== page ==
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Student Housing at Palomar

While student housing for community colleges has not been a widespread phenomenon, it will increase in California.

California’s 2023/2024 student housing budget is $4 billion in grants and loans and are for University of California (UC) and California State University (CSU), as well as community colleges. With $750 million slated for developing housing and new law intended to bypass architectural review, California is set to strengthen its community college educational experience.

Assistant Superintendent/Vice President of Student Services Nick Mata said housing for community colleges is not common. Currently, it is in rural areas or “…tend to be in the urban core where housing is really critical,” he said.

Mata said the discussion for on-campus housing began prior to the pandemic. He noted there are two “modes” of housing, general and emergency, and that the discussion for housing began with the finding that an increasing number of students were precariously housed or unhoused.

Low income students, student athletes, who often come from out of state, and international students have a housing need, Mata said. Currently, Palomar is undergoing a feasibility study which is looking at student focus groups and the housing market. He said this study will also identify, “… what specific populations this housing project could serve.”

The state is offering funding, but as a loan. “And so that’s a question that the college has to ask itself. Are we in a financial situation to get into that kind of debt for student housing?” said Mata.

What do the professors and students think of possibly having dorms at Palomar College?

Student LaCraigory Garrett is on board. “I think it’s awesome,” he said. “A teenager… won’t actually have the funds to pay for rent on their own. Because the cost of living in California is so high.”

Professor Diana Ortiz said that it can teach them to be independent. She said, “Having your own space, and connections that you’ll make with roommates. Learning how to deal with people you’re not always going to get along with,” are vital skills for students to learn. She also said having the location closer to the college is a benefit. “I’ve got a lot of students who are in Murrieta who can’t afford transportation,” she said. It would save the time commuting and all the expenses that are involved in maintaining a vehicle said Ortiz.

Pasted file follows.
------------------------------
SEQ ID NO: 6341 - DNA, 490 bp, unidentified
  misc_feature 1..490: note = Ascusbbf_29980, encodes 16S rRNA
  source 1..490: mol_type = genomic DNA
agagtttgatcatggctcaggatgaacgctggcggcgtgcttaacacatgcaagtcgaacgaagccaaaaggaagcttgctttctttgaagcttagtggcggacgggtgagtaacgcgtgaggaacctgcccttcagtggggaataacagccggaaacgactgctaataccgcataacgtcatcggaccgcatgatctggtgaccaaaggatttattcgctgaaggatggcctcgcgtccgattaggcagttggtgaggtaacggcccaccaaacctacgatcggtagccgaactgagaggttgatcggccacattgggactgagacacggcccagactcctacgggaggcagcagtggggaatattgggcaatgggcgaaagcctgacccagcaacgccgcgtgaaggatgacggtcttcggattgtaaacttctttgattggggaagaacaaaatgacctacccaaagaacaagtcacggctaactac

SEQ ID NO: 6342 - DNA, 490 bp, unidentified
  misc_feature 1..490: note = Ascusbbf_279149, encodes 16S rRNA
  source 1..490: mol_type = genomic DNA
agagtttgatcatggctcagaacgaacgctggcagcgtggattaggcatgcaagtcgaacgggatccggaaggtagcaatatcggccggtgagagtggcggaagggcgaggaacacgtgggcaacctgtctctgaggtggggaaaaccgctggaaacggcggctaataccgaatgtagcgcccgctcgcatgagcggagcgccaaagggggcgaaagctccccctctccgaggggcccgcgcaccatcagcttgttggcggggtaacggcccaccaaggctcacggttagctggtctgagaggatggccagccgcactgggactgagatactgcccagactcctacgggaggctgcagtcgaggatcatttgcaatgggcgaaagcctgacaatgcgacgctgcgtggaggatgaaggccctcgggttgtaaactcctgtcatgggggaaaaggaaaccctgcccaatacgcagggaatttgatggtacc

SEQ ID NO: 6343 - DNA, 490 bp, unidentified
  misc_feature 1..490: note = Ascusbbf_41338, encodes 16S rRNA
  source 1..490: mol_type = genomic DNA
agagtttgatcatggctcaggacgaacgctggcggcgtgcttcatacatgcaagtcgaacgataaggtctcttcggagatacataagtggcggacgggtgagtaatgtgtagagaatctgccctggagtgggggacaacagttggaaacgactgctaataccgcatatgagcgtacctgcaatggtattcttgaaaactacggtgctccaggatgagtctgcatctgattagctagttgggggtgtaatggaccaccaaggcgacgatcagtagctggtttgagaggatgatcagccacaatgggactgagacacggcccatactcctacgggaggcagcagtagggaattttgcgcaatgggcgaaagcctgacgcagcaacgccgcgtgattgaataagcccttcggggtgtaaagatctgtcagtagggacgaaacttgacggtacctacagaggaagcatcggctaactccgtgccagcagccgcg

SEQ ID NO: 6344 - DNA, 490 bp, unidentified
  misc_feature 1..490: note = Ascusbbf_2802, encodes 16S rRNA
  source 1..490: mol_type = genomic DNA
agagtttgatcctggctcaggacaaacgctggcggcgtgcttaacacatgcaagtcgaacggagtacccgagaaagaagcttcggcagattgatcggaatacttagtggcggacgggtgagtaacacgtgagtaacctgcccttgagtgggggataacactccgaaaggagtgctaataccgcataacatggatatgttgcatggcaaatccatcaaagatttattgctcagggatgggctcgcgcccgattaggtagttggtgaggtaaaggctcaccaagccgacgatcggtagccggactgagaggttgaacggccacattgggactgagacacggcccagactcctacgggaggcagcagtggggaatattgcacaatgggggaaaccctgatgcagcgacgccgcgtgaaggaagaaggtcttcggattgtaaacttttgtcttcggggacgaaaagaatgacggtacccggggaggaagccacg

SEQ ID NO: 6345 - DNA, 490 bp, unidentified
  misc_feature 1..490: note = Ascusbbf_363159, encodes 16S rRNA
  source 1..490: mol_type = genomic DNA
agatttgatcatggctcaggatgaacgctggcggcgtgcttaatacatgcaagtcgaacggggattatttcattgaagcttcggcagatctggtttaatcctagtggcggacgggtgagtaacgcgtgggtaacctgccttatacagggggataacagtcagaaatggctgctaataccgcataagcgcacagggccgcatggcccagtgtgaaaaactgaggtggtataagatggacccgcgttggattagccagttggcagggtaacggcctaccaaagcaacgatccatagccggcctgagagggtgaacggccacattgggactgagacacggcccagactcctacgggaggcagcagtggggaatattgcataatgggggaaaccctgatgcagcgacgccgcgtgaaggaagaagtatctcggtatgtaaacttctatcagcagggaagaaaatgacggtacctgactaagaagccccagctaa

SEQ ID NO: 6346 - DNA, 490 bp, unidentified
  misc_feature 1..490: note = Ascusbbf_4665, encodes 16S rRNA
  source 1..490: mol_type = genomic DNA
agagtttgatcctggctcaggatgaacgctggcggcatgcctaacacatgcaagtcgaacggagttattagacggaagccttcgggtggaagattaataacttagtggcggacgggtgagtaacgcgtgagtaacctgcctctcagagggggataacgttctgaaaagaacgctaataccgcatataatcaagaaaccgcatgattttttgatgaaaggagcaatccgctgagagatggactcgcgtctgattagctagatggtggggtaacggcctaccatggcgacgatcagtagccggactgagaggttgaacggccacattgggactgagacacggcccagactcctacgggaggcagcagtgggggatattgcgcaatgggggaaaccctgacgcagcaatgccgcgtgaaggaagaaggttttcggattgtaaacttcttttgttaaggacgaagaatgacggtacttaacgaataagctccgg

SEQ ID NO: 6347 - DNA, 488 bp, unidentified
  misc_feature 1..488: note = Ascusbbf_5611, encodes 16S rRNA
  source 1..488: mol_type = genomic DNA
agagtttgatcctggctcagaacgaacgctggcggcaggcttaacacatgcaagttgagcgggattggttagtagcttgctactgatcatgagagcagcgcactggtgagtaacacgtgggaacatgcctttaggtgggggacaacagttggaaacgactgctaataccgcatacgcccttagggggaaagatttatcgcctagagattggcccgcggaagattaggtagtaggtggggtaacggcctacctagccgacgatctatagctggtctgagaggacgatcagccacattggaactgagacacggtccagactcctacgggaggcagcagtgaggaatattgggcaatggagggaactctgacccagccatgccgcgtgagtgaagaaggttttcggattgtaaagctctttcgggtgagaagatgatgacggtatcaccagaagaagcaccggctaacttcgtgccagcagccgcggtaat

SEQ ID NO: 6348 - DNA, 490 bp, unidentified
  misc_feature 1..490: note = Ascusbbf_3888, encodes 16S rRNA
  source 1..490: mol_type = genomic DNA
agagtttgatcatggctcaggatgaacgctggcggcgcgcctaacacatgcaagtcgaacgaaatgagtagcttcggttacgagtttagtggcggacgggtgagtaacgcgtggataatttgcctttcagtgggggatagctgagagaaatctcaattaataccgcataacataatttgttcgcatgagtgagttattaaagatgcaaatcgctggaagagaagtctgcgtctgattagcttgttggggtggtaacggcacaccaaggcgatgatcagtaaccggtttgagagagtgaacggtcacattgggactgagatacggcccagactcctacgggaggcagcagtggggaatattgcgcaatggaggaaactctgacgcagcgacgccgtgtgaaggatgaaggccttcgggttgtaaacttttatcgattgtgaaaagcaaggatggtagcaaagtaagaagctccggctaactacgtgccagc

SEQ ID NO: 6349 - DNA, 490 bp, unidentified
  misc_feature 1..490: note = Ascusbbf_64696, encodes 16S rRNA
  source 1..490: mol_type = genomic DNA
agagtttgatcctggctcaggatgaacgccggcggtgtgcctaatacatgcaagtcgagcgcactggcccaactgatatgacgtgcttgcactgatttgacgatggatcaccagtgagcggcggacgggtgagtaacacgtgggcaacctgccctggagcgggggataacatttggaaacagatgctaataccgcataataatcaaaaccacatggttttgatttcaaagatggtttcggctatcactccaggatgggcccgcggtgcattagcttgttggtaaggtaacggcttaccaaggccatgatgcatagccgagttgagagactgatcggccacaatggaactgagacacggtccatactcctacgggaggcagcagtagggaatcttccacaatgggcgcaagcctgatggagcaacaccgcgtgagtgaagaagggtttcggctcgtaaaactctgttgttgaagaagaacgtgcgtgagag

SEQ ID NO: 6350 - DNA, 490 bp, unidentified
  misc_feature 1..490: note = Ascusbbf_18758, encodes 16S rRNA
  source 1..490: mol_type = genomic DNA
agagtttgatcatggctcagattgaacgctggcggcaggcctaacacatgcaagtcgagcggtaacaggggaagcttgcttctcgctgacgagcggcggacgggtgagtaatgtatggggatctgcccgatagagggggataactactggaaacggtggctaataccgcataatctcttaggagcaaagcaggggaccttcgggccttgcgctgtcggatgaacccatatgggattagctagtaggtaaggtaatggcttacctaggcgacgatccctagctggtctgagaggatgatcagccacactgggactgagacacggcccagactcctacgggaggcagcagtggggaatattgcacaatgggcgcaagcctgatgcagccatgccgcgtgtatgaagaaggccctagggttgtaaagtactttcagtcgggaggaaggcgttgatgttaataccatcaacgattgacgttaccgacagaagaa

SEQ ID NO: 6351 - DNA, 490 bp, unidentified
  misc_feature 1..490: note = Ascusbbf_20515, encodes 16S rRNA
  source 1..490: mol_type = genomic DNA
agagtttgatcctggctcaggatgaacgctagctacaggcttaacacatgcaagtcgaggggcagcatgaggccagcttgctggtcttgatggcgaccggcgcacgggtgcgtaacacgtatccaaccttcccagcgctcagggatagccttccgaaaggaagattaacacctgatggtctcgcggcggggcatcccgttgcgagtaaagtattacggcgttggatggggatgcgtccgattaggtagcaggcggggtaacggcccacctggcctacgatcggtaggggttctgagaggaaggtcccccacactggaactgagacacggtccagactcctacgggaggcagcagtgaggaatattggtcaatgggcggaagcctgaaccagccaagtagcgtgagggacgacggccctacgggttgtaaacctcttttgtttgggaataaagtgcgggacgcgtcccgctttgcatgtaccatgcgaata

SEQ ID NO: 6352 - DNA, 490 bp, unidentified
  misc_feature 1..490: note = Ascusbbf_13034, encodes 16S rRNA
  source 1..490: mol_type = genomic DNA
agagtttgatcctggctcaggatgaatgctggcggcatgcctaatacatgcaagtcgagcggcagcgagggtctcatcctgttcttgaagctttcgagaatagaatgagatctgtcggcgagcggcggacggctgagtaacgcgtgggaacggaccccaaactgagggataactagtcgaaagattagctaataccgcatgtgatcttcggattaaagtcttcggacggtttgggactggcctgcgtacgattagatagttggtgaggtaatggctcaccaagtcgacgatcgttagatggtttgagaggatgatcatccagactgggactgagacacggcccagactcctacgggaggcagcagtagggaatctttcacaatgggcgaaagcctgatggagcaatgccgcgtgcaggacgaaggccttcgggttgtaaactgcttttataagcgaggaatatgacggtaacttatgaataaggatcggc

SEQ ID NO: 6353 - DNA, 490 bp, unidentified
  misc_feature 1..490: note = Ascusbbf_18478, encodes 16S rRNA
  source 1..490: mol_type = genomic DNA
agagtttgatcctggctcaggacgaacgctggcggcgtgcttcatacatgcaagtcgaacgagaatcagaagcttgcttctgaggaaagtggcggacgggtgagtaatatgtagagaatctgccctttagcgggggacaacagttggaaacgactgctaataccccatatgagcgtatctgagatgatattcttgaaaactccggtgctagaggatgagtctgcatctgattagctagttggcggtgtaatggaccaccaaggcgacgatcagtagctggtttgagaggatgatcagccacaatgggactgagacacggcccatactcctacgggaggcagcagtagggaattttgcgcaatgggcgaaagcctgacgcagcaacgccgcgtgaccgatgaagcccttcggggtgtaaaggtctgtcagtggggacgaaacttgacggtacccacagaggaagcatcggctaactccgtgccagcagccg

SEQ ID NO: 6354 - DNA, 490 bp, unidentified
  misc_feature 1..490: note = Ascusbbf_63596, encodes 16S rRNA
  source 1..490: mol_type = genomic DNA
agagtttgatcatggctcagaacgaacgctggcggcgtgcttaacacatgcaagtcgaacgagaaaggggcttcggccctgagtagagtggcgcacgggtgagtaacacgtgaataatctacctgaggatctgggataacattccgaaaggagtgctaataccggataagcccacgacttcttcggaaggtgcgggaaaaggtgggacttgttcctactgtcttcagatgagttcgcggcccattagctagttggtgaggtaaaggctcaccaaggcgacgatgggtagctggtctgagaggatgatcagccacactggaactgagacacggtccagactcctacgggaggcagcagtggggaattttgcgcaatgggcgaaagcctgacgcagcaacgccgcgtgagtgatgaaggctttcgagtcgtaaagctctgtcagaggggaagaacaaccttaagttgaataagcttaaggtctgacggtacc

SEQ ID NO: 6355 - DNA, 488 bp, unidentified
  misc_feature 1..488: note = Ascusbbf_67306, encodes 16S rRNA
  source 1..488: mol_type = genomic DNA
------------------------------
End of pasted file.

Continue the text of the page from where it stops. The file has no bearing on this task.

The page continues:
Garrett pointed out that the homes of some students could be toxic and dorms are a safe environment. Ortiz noted that students will engage in adult behaviors and make mistakes, but the school has ways to mitigate problems that may arise, such as the role of Residential Assistants(RAs).

San Diego City College (SDCC) has already broken ground on a project set to be completed by 2028. The emphasis is on affordable housing with the rents set to be $500 below market rate. The median rent for an apartment in the county is $3000. The tenants would be students with low income, who are most in need of housing. The amenities will include tutoring, counseling, and study spaces as well as a laundry.

Community college student demographics are different from a four-year university’s student population. Approximately 64% are classified as economically disadvantaged. 35% are the first in their family to attend college. A fifth of SDCC students are homeless. About half of all community college students fit the typical profile of a student attending a four-year university.



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